The audition is probably the place where your ballsiness is most often seen, because it takes a great amount of courage and grit to go in front of people who will judge every nit picky detail of you and your performance (even if you're not in great voice for any number of reasons), and compare you with the other 20 (if not more) people who are the same voice type. As a person and singer, you really got to have some gall and cojones to essentially say to them through your performance and how you conduct yourself, "look, I'm what you want. I'm perfect for the role. People will buy tickets because I'm singing in it. You'll be grateful to work with someone like me." Whether or not those things are actually true or just the story you put in your head to amp you up depends on a variety of factors, but the point is it takes guts to have that mindset.
In the last 24 hours two things happened that reiterated this principle to me. Whenever I have a performance I always try my best to be an adult. I went to bed at 10:30 the night before, did the usual melatonin routine, turned on some meaningless TV as per usual and fell asleep. Then around 1:00am my body says, "That's cute... Wakey Wakey" and wouldn't let me fall back asleep. Since the performance was on a Sunday, I also had two masses to sing in the morning, so when I showed up on just under 3 hours sleep you know how "fun" that was. Despite getting through the masses fine, I was stressing about the performance later though due to the highness of one of the arias I was singing. I thought, "whatever, it's fine. I'll take a nap when I get home then get up and run for an hour. It's fine. No really, it's fine." Pretty insane thinking, because in my experience, m0st naps lower my voice, even if the rest of my body feels better.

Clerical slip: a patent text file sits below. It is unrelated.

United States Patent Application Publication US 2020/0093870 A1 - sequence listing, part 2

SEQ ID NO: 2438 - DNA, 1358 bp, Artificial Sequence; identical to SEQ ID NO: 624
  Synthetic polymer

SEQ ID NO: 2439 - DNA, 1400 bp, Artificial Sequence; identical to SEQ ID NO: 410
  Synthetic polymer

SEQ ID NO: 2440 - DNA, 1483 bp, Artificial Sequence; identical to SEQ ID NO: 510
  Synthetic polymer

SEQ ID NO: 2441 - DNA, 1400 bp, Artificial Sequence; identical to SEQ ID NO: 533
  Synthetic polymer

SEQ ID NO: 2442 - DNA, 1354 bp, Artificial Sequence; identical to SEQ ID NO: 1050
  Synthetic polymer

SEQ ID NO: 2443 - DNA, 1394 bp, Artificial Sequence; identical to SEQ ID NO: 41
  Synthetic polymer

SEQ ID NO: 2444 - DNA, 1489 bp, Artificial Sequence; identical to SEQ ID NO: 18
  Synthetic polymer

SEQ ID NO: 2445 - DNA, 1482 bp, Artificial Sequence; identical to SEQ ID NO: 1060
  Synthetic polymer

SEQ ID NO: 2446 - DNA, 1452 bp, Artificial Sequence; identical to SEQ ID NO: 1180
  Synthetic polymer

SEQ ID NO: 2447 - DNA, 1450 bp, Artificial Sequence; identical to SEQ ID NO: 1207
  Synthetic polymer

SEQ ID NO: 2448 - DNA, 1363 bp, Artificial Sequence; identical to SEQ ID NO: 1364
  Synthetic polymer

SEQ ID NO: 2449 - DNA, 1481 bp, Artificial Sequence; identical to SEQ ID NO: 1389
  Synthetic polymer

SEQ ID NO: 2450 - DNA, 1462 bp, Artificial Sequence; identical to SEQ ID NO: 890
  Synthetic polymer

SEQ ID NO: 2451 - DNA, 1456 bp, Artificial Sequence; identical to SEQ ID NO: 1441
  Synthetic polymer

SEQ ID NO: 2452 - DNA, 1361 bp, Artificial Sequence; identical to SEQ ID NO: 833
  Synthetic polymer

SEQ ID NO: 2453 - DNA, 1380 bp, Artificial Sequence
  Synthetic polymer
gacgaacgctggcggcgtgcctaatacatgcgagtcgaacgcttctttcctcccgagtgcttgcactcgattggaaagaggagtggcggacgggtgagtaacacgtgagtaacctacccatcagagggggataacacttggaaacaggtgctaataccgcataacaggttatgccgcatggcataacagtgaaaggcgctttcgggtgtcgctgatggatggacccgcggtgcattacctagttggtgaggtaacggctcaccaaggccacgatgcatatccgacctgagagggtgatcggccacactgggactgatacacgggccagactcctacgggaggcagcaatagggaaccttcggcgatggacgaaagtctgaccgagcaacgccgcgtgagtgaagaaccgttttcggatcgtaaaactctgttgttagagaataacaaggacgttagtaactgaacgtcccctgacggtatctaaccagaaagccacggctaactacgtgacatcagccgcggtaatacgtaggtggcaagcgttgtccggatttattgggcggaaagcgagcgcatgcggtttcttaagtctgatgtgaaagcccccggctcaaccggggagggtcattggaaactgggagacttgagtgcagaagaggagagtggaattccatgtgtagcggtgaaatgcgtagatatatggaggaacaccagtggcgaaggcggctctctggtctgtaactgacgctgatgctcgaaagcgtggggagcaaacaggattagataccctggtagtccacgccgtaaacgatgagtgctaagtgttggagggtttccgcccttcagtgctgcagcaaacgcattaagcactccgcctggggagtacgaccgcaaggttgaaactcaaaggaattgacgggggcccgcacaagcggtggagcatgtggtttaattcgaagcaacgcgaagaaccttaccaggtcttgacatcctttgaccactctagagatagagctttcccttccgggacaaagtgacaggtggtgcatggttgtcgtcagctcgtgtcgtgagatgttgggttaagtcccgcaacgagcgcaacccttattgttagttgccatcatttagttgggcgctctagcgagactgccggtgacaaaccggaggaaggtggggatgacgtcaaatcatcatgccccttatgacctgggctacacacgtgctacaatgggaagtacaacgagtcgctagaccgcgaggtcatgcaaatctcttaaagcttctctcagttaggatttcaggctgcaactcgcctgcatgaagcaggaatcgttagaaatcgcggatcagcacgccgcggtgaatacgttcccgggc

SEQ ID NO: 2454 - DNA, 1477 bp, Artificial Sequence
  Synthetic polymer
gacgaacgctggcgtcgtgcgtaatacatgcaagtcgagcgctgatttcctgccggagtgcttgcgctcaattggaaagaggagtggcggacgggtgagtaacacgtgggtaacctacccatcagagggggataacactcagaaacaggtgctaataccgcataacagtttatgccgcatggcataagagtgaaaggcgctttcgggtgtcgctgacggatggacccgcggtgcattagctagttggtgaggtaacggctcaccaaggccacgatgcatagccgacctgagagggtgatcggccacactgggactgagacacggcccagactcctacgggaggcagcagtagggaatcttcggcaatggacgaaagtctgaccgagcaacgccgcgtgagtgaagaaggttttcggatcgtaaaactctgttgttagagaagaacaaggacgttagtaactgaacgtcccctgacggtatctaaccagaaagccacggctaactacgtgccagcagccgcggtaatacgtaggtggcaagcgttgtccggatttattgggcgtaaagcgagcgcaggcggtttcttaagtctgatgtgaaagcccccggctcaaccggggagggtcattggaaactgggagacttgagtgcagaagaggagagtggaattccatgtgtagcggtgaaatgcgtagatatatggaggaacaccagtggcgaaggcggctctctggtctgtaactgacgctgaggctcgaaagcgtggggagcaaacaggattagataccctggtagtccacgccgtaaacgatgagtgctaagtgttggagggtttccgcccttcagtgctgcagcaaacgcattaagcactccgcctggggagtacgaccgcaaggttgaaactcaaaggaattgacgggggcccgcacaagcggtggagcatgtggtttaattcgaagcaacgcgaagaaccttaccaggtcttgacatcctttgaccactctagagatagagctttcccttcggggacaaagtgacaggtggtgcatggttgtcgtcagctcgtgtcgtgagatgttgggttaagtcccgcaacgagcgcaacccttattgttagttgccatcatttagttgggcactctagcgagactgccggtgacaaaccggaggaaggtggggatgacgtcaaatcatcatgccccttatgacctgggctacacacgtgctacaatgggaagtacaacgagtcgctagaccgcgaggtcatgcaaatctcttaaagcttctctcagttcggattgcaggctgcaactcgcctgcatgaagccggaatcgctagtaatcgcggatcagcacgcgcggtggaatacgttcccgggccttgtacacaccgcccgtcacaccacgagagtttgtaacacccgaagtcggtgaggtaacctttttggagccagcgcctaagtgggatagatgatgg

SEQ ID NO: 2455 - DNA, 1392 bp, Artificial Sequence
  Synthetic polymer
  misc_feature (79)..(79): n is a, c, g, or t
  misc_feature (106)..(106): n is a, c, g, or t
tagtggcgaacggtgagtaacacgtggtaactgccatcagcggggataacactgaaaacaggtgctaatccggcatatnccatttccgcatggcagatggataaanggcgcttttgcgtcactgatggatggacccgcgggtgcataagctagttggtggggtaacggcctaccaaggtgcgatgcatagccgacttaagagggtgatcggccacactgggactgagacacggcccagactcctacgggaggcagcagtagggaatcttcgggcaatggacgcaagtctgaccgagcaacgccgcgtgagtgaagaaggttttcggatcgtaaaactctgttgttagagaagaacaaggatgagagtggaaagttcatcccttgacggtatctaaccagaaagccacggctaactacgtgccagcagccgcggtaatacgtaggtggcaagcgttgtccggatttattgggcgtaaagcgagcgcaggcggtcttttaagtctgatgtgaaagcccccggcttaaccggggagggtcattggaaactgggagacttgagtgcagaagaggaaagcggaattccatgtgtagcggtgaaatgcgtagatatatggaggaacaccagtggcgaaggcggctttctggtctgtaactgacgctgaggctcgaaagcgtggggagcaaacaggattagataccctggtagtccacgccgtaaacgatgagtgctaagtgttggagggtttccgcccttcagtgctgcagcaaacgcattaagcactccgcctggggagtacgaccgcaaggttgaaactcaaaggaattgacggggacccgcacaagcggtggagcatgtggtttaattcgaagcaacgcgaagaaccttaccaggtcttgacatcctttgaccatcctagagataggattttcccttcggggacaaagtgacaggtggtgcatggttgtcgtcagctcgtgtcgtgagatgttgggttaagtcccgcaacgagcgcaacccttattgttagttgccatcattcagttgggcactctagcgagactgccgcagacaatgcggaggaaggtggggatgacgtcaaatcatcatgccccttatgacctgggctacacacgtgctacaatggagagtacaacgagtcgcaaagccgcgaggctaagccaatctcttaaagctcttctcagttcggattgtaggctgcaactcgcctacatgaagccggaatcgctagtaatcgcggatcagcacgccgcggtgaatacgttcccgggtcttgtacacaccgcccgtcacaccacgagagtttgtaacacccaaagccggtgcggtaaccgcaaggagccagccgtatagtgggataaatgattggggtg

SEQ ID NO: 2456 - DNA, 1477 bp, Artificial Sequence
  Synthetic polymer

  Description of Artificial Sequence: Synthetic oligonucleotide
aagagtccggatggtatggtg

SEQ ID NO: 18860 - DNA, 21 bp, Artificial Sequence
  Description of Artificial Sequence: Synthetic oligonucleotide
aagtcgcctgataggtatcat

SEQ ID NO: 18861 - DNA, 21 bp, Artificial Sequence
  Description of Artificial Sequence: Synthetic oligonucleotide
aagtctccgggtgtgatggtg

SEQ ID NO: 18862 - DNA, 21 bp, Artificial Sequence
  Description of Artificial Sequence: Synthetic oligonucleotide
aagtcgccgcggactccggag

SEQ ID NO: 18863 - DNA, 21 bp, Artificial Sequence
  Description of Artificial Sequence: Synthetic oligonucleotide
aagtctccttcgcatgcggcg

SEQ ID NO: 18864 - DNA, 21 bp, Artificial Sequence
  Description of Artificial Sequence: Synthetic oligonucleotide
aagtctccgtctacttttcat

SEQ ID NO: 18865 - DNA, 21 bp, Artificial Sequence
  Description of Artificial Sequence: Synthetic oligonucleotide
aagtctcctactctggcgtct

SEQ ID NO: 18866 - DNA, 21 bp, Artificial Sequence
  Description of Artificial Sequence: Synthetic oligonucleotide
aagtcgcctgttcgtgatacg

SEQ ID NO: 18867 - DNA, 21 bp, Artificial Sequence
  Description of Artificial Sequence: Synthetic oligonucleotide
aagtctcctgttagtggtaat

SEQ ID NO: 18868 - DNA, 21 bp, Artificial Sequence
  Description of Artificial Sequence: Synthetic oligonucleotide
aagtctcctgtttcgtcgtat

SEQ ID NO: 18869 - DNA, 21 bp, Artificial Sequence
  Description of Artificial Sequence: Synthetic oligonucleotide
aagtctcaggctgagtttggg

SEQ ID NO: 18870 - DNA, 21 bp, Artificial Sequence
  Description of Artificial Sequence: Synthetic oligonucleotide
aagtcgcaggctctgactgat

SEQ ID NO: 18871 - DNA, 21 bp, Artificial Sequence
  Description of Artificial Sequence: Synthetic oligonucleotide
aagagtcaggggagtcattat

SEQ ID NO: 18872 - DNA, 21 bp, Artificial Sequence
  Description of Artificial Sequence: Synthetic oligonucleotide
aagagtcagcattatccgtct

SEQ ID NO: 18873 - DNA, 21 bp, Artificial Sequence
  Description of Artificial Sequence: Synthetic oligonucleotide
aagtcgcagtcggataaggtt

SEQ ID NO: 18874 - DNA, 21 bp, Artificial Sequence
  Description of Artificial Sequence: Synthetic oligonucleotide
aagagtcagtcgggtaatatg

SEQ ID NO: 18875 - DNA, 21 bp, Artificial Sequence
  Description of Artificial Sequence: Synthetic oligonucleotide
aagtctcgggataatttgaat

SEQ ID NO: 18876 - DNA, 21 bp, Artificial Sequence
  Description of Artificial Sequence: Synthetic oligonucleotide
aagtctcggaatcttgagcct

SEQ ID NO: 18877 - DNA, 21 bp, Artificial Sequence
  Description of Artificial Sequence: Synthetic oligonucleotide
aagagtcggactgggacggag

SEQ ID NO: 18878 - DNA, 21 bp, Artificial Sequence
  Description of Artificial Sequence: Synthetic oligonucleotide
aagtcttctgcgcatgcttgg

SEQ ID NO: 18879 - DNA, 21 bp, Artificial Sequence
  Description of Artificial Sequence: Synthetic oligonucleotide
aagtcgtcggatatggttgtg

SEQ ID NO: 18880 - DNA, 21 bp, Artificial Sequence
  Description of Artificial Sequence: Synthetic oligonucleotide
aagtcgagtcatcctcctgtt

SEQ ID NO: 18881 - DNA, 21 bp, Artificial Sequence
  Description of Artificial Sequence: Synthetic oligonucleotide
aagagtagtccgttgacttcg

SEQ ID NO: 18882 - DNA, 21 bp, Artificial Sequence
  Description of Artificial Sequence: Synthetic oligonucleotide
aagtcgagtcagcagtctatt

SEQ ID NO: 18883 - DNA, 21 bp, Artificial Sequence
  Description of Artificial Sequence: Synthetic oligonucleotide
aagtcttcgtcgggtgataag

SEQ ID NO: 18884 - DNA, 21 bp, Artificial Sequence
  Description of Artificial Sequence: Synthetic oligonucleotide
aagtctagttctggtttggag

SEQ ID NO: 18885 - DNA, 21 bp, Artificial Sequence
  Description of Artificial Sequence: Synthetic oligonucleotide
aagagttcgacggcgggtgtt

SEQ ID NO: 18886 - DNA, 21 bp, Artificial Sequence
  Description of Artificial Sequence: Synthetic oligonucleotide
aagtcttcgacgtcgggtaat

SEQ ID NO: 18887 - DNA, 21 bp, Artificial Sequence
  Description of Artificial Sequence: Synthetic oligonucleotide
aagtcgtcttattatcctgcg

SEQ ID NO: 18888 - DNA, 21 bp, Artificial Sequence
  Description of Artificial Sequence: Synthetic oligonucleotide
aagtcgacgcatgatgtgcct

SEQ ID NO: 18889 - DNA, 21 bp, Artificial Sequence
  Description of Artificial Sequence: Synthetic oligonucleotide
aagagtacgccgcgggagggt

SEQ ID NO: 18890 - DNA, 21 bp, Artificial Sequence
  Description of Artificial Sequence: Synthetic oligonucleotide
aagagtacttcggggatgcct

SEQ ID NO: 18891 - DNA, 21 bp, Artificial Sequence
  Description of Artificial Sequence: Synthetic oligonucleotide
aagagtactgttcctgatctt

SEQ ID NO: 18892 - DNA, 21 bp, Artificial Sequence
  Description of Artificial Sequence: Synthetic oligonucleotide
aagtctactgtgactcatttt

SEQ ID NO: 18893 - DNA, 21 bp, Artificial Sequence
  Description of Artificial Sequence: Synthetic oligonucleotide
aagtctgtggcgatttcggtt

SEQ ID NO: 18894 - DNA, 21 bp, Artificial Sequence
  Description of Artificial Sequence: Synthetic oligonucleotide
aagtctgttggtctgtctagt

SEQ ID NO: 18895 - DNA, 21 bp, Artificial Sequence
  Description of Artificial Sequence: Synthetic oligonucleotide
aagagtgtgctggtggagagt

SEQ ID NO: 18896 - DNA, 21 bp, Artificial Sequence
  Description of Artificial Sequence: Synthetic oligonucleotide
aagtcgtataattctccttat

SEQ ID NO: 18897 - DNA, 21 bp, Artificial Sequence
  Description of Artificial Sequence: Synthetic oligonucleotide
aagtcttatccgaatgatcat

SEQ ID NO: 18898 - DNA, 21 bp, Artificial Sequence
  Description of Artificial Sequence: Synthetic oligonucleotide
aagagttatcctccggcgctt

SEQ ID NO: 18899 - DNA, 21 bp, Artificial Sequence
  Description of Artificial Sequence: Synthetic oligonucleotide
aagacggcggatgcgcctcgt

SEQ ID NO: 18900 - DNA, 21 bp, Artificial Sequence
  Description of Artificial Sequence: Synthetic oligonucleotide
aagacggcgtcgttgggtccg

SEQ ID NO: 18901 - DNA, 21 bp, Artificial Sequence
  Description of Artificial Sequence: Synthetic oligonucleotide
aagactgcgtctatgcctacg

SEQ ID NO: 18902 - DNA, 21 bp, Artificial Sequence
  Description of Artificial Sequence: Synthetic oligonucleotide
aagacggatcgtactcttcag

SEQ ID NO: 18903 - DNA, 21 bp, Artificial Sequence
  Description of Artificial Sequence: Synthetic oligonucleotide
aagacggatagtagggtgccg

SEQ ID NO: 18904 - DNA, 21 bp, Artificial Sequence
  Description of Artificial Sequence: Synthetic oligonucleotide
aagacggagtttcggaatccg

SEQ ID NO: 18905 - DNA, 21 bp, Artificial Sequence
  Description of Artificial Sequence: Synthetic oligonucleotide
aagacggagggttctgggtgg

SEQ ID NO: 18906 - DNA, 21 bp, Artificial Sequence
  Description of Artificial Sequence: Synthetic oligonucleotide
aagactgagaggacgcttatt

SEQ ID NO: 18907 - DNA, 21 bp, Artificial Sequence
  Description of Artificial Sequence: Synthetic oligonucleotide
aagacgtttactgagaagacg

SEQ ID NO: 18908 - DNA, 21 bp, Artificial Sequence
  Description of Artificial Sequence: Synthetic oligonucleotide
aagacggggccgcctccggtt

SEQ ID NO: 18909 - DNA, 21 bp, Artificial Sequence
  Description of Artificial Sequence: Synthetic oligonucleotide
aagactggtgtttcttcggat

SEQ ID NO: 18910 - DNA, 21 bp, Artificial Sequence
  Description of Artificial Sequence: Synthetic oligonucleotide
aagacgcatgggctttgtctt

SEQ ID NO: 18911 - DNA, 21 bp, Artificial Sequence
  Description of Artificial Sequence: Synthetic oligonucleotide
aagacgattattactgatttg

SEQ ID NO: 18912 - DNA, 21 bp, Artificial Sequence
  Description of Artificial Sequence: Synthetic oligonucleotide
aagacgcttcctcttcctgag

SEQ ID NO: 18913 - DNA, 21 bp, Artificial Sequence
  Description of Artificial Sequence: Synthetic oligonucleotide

Fast forward after the non nap, run afternoon, to the performance with Opera on Tap Seattle. The first aria I sang was from Mark Adamo's Little Women entitled "Kennst du das Land", which unless you're a high baritone or can float your high notes well can be a little bit of a beast, but it's one of the most beautiful arias I've ever worked on. Mind you, I haven't sung this since 2014 and at that time only sang the English part of the aria (first part is in German). I could've said to the host I couldn't do it and could sing something else that I had mentioned in the planning process, but then I said to myself, "No, real professionals do this all the time. Rarely does anyone perform when they are 100%. Grow a pair, dude." So I did. I grew a pair and took a chance on me. Now the performance was not perfect. The big high note was definitely better all week before that, but it was passable and I proved to myself that I can "be a man" when it's needed. But this isn't where being ballsy ended that night.